Cardillo Group - Macroevolution, Macroecology and Biogeography

We are interested in big-picture questions about biodiversity. Why are there so many species in the tropics? How have places like southwest Australia become biodiversity hotspots? Why are some species more threatened with extinction than others? To tackle questions like these we use big datasets for plants and animals, and a range of computational tools for analyzing geographic and phylogenetic data. Often, the most fun part is not getting an answer, but getting the question right: thinking about the basic scientific logic of a question about biodiversity, and devising an elegant and creative way of reaching an answer.

We always like welcoming new students, postdocs and visitors, so please get in touch if you are interested in macroevolution, macroecology, biogeography or conservation, and would like to join the lab. My lab is part of the Macroevolution & Macroecology group - you can find out more about what we work on and what we have published at www.macroevoeco.com.

 

Members

Leader

Marcel Cardillo

Marcel Cardillo
I did my PhD at the University of Queensland, then spent a few years in the UK, first at the Institute of Zoology, then at...

Honours Student

PhD Student

Postdoctoral Fellow

Research Assistant

Projects

Open to students

Publications

Selected recent publications

Bromham, L. & Cardillo, M. (2019) Origins of Biodiversity: An Introduction to Macroevolution and Macroecology. Oxford University Press

Hua, X., Greenhill, S., Cardillo, M., Schneeman, H. & Bromham, L. (2019) The ecological drivers of variation in global language diversity. Nature Communications 10:2047

Skeels, A. & Cardillo, M. (2019) Reconstructing the geography of speciation from contemporary biodiversity data. The American Naturalist 193: 240-255

Cardillo, M., Weston, P.H., Reynolds, Z.M., Olde, P.M., Mast, A.R., Lemmon, E., Lemmon, A.R., Bromham, L. (2017) The phylogeny and biogeography of Hakea (Proteaceae) reveals the role of biome shifts in a continental plant radiation. Evolution 71: 1928-1943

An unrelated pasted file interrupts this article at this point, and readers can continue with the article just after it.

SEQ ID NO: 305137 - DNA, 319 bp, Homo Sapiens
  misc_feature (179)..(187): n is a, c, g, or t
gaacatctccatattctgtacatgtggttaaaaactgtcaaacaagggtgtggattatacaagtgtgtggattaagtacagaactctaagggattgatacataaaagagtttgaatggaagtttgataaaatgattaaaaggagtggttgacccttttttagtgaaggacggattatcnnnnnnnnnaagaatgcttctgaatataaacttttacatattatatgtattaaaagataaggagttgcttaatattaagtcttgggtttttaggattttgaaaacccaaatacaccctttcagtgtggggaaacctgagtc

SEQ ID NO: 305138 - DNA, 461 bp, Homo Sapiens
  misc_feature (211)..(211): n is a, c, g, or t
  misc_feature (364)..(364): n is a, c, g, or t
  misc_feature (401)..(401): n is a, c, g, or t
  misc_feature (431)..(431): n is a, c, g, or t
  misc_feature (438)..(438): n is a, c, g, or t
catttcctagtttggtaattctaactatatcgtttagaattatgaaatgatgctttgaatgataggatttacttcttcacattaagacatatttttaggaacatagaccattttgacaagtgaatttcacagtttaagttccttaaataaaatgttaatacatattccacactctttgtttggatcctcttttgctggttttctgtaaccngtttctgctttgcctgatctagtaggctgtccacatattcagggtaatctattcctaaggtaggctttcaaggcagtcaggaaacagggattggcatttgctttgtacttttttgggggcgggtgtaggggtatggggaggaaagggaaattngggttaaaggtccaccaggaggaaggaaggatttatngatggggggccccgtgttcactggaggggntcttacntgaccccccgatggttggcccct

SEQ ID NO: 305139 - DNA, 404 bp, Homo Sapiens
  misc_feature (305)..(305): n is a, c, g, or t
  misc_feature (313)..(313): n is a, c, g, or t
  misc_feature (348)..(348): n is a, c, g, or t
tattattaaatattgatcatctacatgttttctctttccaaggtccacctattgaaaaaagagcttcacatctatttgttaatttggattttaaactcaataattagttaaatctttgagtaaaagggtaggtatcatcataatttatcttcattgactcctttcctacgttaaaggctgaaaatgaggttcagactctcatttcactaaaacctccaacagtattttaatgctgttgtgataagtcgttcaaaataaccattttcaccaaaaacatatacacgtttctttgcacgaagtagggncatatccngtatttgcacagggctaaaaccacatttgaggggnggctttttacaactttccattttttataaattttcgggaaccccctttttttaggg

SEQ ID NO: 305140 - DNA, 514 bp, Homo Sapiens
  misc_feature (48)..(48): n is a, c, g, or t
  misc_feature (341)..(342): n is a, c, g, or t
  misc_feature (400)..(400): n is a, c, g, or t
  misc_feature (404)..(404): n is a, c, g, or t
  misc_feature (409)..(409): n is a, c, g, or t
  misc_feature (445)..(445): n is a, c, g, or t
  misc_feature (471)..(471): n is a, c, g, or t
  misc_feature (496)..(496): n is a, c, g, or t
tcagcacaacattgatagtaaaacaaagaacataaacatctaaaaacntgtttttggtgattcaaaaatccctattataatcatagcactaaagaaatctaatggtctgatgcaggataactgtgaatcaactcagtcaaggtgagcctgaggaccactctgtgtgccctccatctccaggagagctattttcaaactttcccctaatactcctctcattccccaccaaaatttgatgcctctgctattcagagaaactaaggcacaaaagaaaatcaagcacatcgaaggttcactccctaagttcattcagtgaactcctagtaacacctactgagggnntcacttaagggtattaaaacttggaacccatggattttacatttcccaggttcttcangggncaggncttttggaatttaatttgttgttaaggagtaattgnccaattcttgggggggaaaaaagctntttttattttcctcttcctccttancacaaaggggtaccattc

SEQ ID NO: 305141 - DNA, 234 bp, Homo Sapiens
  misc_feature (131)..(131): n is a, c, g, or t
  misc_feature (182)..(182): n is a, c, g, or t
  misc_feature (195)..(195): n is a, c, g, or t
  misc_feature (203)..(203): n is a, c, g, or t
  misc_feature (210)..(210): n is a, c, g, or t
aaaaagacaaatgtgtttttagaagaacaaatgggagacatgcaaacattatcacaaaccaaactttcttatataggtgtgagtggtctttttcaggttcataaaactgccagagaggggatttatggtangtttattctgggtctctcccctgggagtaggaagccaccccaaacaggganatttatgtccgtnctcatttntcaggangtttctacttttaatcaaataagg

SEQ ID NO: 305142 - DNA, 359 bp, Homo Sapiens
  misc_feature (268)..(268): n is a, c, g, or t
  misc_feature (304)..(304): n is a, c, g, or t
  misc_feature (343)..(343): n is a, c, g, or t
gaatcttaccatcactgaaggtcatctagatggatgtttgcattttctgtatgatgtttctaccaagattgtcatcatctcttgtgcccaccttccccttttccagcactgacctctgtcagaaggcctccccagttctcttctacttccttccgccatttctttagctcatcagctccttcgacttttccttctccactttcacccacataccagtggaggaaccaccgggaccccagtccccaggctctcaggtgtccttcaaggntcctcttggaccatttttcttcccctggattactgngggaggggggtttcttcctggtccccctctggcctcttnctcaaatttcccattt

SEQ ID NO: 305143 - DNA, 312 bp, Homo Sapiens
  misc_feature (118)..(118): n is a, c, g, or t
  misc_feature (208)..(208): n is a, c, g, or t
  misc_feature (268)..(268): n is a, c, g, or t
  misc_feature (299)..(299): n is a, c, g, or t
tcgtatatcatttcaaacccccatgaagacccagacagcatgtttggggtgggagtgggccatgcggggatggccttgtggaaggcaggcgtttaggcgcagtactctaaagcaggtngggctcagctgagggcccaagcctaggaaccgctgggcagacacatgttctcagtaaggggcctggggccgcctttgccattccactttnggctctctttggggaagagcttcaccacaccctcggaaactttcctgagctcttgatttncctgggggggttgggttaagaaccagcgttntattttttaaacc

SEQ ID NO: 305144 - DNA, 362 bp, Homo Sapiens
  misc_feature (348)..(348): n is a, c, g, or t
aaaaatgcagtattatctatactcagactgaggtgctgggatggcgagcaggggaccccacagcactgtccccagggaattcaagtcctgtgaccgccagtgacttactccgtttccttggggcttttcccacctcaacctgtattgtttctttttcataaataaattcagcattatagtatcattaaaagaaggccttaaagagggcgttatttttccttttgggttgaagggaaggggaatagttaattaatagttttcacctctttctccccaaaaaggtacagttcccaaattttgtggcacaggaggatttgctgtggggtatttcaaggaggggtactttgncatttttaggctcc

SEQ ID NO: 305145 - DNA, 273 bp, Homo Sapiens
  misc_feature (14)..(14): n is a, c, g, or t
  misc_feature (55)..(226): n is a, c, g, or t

Skeels, A. & Cardillo, M. (2017) Environmental niche conservatism explains the accumulation of species richness in Mediterranean-hotspot plant genera. Evolution  71: 582-594

Cardillo, M. & Skeels, A. (2016) Spatial, phylogenetic, environmental and biological components of variation in extinction risk: a case study using Banksia. PLoS One

Duchene, D. & Cardillo, M. (2015) Phylogenetic patterns in bird geographic distributions support the tropical conservatism hypothesis. Global Ecology & Biogeography 24: 1261-1268

Warren, D.L., Cardillo, M., Rosauer, D.F., Bolnick, D.I. (2014) Mistaking geography for biology: inferring processes from species distributions. Trends in Ecology & Evolution 29: 572-580

 

All publications

http://www.macroevoeco.com/marcel-cardillo-publications.html

https://scholar.google.com/citations?hl=en&user=6mBgzU8AAAAJ

 

 

 

News & events

News

20
May
2019
A region's climate has a greater impact than landscape on how many languages are spoken there, new research from The Australian National University (ANU) shows.
06
Sep
2016
Did you miss the inaugural RSB public forum? Click here to listen
Centre for Biodiversity Analysis logo
17
Aug
2016
Russell Dinnage, Marcel Cardillo & Gavin Huttley (together with Owain Edwards from CSIRO) have been awarded a CBA Ignition Grant, "Characterizing the evolutionary and ecological diversity of invertebrates in the Monsoonal vine thickets of the Kimberley".
30
Jun
2016
Bringing together researchers from a range of fields can help solve complex problems, but research from ANU has found interdisciplinary research is consistently short changed.

Pages

Highlights

Marcel

Marcel Cardillo

A major current focus is the amazing plant diversity of Australia’s southwest corner.

Updated:  19 November 2019/Responsible Officer:  Director RSB/Page Contact:  Webmaster RSB